Posts Tagged ‘Film’

Movie Critics Are Mostly Idiots – And They Know It

August 4, 2013

I recently had the misfortune of watching Human Centipede 2. It was recommended to me in Amazon Prime Video under the Horror genre. Let’s be clear: It isn’t horror. There’s nothing scary about Human Centipede 2. I’ve seen movies that scared me enough to affect my sleep for several days at a time. Scary movies stick with you – regardless of how legitimately realistic they may be. I’ll say it again: Human Centipede 2 is not a horror movie.

Human Centipede 2 is what I refer to as the new torture porn movies. The formula is pretty simple:

  • Lots of pointless nudity
  • As much vomiting as possible
  • Human beings being graphically tortured to death
  • Villains who don’t get their comeuppance
  • Arrogant, socially awkward director

That’s why I call it torture porn. It’s basically naked people being brutally murdered and butchered by a villain who never really gets what is coming to him/her. There are no heroes. There is no satisfaction. It’s just a depressing, pointless shit show. 

So, I decided to head to Rotten Tomatoes to see if 100% of people agreed with me that this was utter garbage. I was relieved to see that this movie is rated a very generous 30%. I KNEW – I just knew – that there were going to be some critics who tried to put lipstick on this pig and I wasn’t let down.



The Dark Knight Rises Review

July 22, 2012


The Dark Knight Rises is the third and final movie for this particular Batman franchise. I saw the movie at midnight on opening night and now that I’ve had a few days for the movie to sink in, I’ll review it. Of course, don’t read on if you don’t want aspects of the plot spoiled. In my opinion, I think this movie is better than 2008’s The Dark Knight. It’s refreshing to see a movie trilogy end with closure as well. There is closure regardless of how you interpret the ending.

As you know, the movie starts out 8 years after The Dark Knight ends. The Batman is gone because of the events during The Dark Knight. He’s public enemy #1 while Harvey Dent is still hailed as a hero. Due to this, it’s said that a law was passed, The Dent Act, which enabled all the criminals to be locked up. Gotham is enjoying a time of peace, but it’s clear that Commissioner Gordon still feels immense guilt over the lie being told to the public. On the 8th anniversary of Dent’s death, Gordon almost tells the truth, but chooses not to do so. Bruce Wayne is also a recluse, having not been seen in years.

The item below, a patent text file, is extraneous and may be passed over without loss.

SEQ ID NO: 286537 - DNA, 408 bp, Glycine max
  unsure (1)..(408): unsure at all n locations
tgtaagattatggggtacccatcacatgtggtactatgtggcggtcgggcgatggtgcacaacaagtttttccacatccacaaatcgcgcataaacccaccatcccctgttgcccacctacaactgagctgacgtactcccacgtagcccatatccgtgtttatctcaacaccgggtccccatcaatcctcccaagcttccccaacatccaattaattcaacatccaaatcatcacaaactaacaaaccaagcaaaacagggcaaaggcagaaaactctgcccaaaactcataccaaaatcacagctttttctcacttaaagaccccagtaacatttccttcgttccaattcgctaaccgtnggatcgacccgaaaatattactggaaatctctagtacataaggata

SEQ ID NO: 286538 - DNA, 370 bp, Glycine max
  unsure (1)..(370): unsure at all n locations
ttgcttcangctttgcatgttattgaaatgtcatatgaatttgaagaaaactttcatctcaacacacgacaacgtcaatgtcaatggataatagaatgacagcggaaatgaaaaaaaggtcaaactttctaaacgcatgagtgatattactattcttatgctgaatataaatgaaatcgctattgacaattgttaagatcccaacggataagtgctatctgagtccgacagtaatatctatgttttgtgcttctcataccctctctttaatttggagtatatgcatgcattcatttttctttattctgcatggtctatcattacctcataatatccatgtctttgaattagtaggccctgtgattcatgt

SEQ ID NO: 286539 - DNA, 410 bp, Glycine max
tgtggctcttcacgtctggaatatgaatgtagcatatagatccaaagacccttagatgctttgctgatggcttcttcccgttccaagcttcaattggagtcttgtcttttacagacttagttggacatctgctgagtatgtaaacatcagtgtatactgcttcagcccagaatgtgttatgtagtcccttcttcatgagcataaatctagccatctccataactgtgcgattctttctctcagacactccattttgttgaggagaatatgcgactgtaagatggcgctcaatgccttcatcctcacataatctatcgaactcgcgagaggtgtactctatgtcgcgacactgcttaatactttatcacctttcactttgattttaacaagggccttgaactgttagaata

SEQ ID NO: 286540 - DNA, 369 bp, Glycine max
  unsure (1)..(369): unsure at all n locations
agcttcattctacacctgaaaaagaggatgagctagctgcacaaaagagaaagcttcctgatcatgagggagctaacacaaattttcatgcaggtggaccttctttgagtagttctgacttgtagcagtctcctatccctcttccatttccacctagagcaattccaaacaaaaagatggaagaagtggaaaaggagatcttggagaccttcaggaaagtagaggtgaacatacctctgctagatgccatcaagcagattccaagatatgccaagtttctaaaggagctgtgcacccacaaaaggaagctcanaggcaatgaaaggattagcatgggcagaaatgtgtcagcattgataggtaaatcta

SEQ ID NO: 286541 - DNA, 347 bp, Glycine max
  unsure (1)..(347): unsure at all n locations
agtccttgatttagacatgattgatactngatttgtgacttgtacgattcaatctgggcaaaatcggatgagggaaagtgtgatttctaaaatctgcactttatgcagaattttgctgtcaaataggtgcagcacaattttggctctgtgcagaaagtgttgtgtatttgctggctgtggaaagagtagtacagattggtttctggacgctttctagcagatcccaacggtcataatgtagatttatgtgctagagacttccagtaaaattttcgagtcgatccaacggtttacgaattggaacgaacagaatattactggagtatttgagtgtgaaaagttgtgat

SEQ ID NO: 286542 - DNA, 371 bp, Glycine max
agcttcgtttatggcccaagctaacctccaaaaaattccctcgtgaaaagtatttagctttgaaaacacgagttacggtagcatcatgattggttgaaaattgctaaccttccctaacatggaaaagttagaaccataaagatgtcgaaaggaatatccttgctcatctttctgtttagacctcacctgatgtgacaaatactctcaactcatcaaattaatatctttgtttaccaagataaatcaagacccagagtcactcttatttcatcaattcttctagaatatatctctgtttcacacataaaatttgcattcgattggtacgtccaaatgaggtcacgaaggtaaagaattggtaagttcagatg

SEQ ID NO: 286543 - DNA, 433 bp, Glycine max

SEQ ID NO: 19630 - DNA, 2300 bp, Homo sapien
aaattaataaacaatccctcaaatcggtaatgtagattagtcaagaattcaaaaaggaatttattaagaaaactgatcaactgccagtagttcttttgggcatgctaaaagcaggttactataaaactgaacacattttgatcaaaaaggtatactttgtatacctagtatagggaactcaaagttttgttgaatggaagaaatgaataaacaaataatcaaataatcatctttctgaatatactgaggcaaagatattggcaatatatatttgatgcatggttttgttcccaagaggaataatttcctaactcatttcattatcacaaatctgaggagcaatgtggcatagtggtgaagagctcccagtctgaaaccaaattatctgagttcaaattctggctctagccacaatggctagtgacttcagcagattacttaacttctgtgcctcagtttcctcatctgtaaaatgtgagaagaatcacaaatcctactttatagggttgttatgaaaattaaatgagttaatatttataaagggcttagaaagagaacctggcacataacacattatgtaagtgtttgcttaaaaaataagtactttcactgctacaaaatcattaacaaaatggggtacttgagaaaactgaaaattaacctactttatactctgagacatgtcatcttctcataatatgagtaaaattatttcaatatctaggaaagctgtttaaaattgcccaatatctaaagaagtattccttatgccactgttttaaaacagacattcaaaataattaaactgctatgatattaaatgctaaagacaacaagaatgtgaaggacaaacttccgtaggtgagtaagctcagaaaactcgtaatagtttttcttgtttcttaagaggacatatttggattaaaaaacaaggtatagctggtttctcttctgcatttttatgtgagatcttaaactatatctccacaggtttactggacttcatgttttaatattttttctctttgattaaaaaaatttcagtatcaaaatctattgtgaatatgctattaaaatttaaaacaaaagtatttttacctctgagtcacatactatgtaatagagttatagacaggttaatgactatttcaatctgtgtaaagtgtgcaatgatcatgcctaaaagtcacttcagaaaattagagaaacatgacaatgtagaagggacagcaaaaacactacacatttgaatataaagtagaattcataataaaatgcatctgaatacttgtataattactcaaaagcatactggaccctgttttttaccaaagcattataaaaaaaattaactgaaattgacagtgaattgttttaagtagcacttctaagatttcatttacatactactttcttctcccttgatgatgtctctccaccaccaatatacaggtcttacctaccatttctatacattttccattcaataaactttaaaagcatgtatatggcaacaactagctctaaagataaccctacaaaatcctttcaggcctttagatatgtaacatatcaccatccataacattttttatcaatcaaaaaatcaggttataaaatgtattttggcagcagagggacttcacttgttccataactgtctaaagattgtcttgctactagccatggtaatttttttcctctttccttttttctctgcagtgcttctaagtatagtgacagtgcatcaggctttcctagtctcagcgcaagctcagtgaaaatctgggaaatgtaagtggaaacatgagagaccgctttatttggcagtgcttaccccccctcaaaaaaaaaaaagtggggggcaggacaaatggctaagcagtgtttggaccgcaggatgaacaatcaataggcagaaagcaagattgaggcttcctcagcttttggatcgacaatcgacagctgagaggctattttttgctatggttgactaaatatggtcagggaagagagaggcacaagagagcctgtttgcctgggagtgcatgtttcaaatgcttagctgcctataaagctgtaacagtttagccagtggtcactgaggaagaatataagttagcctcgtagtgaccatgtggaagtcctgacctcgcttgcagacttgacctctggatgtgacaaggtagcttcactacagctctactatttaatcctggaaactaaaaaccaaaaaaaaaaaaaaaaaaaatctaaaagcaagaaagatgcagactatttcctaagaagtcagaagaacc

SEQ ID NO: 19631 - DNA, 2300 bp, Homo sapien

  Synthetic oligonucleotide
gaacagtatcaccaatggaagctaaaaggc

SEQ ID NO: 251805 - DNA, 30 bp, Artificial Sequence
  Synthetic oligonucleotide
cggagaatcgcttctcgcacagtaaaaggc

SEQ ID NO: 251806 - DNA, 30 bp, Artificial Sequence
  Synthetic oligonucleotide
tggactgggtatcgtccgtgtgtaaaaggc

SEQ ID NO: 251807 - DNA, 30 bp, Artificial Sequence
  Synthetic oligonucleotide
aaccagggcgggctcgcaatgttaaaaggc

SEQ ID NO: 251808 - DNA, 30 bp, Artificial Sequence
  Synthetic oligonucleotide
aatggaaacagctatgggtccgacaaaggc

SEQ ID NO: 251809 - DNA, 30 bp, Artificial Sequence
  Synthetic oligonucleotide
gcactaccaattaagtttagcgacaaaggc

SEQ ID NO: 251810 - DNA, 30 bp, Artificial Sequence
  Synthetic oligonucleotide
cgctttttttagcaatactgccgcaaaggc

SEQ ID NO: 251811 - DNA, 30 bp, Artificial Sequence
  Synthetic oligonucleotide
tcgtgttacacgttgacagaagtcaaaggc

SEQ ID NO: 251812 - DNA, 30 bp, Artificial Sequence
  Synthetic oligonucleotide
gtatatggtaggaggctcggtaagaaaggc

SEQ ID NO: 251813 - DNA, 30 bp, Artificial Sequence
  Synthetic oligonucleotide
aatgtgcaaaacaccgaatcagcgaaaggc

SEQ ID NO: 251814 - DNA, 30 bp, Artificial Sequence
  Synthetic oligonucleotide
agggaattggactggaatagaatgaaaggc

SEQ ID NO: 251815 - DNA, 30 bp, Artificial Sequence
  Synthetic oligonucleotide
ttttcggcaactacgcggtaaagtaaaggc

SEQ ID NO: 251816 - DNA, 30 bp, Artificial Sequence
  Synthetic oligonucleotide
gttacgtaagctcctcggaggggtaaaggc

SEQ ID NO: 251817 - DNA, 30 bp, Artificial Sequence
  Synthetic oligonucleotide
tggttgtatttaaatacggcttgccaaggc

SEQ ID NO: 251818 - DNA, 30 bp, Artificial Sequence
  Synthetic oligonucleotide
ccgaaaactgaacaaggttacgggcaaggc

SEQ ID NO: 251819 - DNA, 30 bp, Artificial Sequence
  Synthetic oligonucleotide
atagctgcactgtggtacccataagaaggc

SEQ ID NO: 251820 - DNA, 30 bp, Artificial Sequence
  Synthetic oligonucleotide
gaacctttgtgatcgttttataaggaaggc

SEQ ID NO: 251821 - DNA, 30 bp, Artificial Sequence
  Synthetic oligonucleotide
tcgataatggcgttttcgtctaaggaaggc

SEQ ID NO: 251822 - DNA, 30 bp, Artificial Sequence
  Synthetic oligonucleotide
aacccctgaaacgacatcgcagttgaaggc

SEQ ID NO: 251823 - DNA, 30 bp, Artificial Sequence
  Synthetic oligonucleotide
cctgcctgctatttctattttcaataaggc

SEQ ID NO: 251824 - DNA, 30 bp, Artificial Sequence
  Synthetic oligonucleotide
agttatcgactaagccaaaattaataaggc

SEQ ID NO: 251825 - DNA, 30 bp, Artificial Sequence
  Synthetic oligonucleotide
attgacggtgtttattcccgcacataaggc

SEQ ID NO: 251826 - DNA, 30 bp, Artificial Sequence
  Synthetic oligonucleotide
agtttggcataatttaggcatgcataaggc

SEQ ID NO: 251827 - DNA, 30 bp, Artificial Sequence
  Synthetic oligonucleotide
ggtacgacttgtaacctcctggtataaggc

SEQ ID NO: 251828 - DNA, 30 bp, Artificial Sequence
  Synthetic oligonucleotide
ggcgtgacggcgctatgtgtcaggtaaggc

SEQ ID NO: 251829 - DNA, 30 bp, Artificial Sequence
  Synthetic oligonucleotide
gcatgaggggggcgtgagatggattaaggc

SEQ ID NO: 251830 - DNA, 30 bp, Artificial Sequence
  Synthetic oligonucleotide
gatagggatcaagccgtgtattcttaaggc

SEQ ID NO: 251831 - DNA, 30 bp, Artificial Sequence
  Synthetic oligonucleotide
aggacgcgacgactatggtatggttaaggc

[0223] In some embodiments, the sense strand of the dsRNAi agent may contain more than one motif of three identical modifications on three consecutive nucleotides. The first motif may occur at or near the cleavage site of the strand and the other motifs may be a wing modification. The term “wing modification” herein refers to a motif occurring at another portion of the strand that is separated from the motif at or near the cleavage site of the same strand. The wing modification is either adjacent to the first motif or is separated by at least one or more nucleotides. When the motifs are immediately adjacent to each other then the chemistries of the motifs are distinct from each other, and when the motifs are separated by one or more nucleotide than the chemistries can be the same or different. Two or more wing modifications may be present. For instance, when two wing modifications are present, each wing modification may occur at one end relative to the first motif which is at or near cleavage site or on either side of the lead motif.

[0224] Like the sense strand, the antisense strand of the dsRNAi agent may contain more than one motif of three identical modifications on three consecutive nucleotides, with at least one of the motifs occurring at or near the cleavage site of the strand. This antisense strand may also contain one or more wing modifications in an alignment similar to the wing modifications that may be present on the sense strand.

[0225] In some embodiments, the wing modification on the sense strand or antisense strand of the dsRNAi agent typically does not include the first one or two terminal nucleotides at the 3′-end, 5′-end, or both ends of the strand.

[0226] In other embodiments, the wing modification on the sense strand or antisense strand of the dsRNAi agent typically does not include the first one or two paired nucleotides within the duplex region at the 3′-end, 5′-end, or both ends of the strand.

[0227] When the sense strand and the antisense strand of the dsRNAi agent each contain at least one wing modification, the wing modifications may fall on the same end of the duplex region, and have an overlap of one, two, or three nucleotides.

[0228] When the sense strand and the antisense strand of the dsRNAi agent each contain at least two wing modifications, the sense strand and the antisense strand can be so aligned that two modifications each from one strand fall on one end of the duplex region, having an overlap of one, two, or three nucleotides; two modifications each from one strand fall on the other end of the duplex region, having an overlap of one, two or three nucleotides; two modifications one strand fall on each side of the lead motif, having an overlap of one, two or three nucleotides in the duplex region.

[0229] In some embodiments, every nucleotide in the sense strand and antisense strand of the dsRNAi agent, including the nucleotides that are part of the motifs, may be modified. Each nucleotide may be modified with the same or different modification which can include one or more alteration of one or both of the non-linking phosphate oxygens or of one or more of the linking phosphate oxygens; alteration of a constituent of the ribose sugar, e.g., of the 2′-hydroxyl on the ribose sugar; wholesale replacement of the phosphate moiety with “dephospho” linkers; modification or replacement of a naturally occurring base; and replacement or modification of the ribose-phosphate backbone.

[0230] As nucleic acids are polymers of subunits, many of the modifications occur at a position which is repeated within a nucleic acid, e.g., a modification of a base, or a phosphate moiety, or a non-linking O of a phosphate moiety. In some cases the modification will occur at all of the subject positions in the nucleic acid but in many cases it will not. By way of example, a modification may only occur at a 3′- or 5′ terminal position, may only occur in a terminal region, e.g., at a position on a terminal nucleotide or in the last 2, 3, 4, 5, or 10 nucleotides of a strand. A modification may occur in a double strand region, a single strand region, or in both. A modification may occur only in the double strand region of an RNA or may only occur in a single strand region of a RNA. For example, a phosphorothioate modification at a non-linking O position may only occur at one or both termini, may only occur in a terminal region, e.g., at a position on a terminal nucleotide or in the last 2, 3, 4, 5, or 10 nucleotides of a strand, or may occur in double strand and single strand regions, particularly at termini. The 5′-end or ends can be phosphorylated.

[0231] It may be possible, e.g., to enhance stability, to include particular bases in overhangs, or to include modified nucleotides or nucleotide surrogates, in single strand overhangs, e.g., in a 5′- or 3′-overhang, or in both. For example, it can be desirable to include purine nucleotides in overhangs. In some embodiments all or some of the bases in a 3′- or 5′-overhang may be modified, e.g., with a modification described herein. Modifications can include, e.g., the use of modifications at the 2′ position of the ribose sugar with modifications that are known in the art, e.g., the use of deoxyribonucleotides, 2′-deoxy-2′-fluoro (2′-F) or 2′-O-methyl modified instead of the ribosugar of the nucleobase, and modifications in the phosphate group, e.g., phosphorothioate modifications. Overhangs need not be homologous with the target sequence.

Selina Kyle is introduced early in the movie and never referred to as Catwoman in the film. Hathaway is pretty good as Catwoman and much better than Batman Returns. She doesn’t have ‘9 Lives’, but is instead a skilled fighter and good at getting out of situations, which makes more sense as a character who is more of a master thief. Another major character was John Blake, who was played brilliantly by Joseph Gordon-Levitt. Without spoiling too much, you discover that John isn’t his real first name.

Now we get to Bane. I thought Bane was a good character. I’ll be honest, I had a little trouble understanding his speech sometimes, but it may have been because I had to sit in the second row of the theater and not in the middle. Bane is insanely brutal and is involved with probably the most shocking scene in any Batman movie – the first fight between him and Batman. I didn’t read too much about the movie before release, so I wasn’t even expecting Bane to not be the main antagonist in the movie. That part caught me off-guard.